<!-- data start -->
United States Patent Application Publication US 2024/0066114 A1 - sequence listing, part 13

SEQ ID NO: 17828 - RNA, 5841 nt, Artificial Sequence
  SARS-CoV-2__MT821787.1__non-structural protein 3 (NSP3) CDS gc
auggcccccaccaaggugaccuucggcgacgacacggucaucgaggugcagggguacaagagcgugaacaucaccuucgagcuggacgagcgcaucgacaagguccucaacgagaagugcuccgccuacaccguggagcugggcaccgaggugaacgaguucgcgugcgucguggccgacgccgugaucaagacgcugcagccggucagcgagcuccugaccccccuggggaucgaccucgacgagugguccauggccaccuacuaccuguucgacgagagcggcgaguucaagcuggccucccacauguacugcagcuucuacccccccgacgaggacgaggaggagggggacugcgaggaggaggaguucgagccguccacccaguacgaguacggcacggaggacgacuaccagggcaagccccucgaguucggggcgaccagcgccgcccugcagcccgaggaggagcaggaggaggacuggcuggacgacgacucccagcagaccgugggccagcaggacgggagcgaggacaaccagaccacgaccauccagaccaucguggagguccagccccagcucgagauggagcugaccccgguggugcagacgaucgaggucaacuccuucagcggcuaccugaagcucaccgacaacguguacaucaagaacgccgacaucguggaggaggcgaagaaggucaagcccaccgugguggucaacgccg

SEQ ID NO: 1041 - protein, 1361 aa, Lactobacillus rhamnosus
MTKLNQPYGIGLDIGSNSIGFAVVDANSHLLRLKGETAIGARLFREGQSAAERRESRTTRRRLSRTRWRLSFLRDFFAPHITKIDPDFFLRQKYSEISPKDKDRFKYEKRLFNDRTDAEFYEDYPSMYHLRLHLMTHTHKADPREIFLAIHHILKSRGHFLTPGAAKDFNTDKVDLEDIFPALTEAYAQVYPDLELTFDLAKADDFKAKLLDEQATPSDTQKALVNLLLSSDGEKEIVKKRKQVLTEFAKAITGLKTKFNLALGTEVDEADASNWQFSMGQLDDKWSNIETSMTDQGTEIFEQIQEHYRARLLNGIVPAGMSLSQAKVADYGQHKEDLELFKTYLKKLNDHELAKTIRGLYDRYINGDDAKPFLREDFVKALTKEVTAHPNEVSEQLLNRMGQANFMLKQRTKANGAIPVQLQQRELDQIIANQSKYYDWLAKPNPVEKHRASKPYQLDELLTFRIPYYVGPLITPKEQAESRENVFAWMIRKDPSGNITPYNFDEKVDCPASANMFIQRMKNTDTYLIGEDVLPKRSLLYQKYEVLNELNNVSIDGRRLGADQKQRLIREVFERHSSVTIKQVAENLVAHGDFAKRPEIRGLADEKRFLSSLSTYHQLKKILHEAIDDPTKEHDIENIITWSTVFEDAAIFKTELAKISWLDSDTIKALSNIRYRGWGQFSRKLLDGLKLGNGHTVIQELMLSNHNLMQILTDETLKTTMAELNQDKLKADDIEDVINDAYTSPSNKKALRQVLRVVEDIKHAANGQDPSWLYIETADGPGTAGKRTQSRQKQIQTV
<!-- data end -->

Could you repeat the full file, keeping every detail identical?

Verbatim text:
United States Patent Application Publication US 2024/0066114 A1 - sequence listing, part 13

SEQ ID NO: 17828 - RNA, 5841 nt, Artificial Sequence
  SARS-CoV-2__MT821787.1__non-structural protein 3 (NSP3) CDS gc
auggcccccaccaaggugaccuucggcgacgacacggucaucgaggugcagggguacaagagcgugaacaucaccuucgagcuggacgagcgcaucgacaagguccucaacgagaagugcuccgccuacaccguggagcugggcaccgaggugaacgaguucgcgugcgucguggccgacgccgugaucaagacgcugcagccggucagcgagcuccugaccccccuggggaucgaccucgacgagugguccauggccaccuacuaccuguucgacgagagcggcgaguucaagcuggccucccacauguacugcagcuucuacccccccgacgaggacgaggaggagggggacugcgaggaggaggaguucgagccguccacccaguacgaguacggcacggaggacgacuaccagggcaagccccucgaguucggggcgaccagcgccgcccugcagcccgaggaggagcaggaggaggacuggcuggacgacgacucccagcagaccgugggccagcaggacgggagcgaggacaaccagaccacgaccauccagaccaucguggagguccagccccagcucgagauggagcugaccccgguggugcagacgaucgaggucaacuccuucagcggcuaccugaagcucaccgacaacguguacaucaagaacgccgacaucguggaggaggcgaagaaggucaagcccaccgugguggucaacgccg

SEQ ID NO: 1041 - protein, 1361 aa, Lactobacillus rhamnosus
MTKLNQPYGIGLDIGSNSIGFAVVDANSHLLRLKGETAIGARLFREGQSAAERRESRTTRRRLSRTRWRLSFLRDFFAPHITKIDPDFFLRQKYSEISPKDKDRFKYEKRLFNDRTDAEFYEDYPSMYHLRLHLMTHTHKADPREIFLAIHHILKSRGHFLTPGAAKDFNTDKVDLEDIFPALTEAYAQVYPDLELTFDLAKADDFKAKLLDEQATPSDTQKALVNLLLSSDGEKEIVKKRKQVLTEFAKAITGLKTKFNLALGTEVDEADASNWQFSMGQLDDKWSNIETSMTDQGTEIFEQIQEHYRARLLNGIVPAGMSLSQAKVADYGQHKEDLELFKTYLKKLNDHELAKTIRGLYDRYINGDDAKPFLREDFVKALTKEVTAHPNEVSEQLLNRMGQANFMLKQRTKANGAIPVQLQQRELDQIIANQSKYYDWLAKPNPVEKHRASKPYQLDELLTFRIPYYVGPLITPKEQAESRENVFAWMIRKDPSGNITPYNFDEKVDCPASANMFIQRMKNTDTYLIGEDVLPKRSLLYQKYEVLNELNNVSIDGRRLGADQKQRLIREVFERHSSVTIKQVAENLVAHGDFAKRPEIRGLADEKRFLSSLSTYHQLKKILHEAIDDPTKEHDIENIITWSTVFEDAAIFKTELAKISWLDSDTIKALSNIRYRGWGQFSRKLLDGLKLGNGHTVIQELMLSNHNLMQILTDETLKTTMAELNQDKLKADDIEDVINDAYTSPSNKKALRQVLRVVEDIKHAANGQDPSWLYIETADGPGTAGKRTQSRQKQIQTV